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 Julia Fox recently appeared on BBC Radio 4's Woman's Hour with Emma Barnett, where she discussed her style transformation and how she no longer dresses to appeal to the male gaze. Fox mentioned that men often criticize her outfits and compare her to her character in the film Uncut Gems, but she doesn't let their opinions bother her because she dresses to please herself and the women and LGBTQ+ community who appreciate her unique style. This resonated with me personally as I have also embarked on a similar journey over the past five years. It's been about rejecting societal expectations, challenging patriarchal control over fashion, and defining my own sense of desirability. Fox expressed that she used to unknowingly dress to please the male gaze, but something changed, possibly motherhood or being in the public eye, and she decided to no longer uphold that expectation. Instead, she now dresses for herself and for the girls who appreciate her true identity.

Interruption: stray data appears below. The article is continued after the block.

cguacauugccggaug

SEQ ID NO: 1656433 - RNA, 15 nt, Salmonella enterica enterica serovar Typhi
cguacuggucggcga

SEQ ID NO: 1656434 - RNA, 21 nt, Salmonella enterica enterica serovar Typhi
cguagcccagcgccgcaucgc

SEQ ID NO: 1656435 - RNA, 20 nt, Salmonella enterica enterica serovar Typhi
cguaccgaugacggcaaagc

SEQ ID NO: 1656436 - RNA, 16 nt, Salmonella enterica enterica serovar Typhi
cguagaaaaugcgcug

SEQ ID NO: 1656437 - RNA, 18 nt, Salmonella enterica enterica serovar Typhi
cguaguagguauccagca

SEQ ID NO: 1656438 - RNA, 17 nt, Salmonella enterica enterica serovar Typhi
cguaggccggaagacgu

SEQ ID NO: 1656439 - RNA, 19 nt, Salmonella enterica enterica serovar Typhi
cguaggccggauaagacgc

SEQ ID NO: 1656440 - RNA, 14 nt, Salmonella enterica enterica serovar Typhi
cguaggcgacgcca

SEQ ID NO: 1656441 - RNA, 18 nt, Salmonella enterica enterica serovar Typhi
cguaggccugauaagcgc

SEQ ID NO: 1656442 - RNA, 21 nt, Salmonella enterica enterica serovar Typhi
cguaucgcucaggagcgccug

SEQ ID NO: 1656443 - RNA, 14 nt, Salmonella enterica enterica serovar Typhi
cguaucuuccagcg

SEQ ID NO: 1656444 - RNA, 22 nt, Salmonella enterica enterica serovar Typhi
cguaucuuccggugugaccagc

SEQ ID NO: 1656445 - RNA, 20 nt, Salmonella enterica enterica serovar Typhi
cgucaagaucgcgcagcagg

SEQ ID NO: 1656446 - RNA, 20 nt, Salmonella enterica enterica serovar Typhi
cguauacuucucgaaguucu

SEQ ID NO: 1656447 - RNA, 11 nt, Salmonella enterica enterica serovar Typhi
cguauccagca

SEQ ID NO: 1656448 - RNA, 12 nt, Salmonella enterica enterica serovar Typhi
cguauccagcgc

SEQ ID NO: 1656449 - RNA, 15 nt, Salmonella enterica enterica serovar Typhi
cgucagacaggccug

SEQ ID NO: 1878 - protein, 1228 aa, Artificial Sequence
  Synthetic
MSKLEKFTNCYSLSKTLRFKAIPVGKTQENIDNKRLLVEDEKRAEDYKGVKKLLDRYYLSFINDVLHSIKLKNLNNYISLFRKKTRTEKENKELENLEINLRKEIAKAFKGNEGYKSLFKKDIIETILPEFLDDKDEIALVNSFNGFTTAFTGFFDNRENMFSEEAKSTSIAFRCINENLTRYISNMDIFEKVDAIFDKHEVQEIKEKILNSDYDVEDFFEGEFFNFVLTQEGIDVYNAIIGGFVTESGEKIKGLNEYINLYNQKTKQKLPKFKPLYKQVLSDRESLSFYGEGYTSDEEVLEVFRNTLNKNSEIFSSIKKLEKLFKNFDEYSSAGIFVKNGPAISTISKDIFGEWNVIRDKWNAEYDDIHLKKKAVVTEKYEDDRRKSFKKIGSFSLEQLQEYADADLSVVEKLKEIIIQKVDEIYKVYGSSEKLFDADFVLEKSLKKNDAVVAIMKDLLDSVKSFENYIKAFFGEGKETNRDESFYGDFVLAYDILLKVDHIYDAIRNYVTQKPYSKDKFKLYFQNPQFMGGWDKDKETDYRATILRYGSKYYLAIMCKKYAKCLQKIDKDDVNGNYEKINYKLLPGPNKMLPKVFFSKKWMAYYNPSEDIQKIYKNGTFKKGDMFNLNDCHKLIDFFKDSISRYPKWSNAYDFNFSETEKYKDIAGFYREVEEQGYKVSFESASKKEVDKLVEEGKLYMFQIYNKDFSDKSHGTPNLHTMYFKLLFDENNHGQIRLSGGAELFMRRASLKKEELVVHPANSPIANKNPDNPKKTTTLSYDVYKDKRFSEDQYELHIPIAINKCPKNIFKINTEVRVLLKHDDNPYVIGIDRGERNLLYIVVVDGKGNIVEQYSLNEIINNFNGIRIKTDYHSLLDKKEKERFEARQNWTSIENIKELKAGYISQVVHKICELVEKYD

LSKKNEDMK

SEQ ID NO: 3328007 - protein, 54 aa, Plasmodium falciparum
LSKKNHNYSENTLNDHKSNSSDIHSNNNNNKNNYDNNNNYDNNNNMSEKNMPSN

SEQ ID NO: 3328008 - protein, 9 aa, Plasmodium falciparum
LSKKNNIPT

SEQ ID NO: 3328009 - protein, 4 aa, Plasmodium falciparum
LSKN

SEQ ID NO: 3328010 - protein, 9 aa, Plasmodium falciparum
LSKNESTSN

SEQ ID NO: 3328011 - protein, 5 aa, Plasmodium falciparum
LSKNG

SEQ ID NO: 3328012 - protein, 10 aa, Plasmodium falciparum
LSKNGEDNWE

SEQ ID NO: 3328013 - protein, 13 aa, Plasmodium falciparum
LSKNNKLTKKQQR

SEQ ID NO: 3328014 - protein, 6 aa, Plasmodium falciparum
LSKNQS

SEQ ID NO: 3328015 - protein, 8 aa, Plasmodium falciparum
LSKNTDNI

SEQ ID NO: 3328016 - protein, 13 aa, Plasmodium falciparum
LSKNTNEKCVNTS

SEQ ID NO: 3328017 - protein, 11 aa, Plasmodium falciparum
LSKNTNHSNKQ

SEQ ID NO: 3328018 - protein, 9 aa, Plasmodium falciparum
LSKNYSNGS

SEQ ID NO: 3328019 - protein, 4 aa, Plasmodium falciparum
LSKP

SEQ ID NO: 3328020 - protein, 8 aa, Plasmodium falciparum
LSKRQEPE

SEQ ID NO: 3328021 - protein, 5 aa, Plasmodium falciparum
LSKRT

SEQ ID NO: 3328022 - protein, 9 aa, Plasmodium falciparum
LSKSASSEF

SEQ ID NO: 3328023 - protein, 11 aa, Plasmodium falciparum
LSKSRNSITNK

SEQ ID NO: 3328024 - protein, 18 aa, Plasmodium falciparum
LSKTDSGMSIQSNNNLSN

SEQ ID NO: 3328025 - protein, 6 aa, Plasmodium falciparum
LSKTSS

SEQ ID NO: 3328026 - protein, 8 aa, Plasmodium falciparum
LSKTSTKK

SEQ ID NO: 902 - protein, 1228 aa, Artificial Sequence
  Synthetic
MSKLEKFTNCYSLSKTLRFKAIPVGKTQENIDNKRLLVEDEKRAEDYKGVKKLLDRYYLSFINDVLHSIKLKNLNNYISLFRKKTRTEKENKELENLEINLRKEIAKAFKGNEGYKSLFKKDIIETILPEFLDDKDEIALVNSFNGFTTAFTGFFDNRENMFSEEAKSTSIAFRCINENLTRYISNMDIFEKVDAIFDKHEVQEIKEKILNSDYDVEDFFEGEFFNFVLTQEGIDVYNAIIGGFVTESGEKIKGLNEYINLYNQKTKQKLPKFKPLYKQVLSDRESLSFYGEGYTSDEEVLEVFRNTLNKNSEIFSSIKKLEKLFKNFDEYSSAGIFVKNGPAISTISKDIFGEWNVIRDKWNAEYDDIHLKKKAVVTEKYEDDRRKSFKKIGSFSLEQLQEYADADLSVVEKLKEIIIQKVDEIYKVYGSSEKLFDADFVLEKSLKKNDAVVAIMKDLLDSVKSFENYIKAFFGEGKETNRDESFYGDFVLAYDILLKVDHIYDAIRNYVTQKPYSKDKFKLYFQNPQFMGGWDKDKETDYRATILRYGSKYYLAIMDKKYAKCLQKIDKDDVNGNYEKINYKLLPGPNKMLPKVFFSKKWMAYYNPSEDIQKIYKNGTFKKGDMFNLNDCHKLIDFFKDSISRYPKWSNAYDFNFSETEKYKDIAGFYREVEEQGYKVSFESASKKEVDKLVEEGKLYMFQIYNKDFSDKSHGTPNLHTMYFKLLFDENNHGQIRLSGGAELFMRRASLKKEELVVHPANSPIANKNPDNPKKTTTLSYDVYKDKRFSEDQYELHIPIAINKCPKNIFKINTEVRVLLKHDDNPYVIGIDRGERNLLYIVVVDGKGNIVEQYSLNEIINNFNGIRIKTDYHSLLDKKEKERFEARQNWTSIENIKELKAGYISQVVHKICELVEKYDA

This concept is not new; in 2010, Leandra Medine Cohen published "Man Repeller," an online magazine that was once her personal blog. 2020 saw its closure due to complaints that the business was not diverse and had mistreated former POC employees. Cohen and her writers promoted an eccentric, nerdy aesthetic that combined high fashion with accessories like wide-brimmed glasses, over-the-top sleeves, sandal-accessorized socks, culottes, and hats in abundance. Although it wasn't revolutionary and primarily catered to white, able-bodied, slim people, it did raise an important question: for what purpose should women dress?

On the surface, this all might feel a little outdated and patronising. Women are autonomous, they are free-thinking and fashion forward, and they do not think about men when they dress! A lot of this is true, on a conscious level, but I don't think it accounts for certain realities: we live in a patriarchy, men still run the fashion world, and that is going to impact how we dress on a micro level. More than 85% of students from top fashion schools are female, but only around 14% of the top 50 fashion brands are run by women.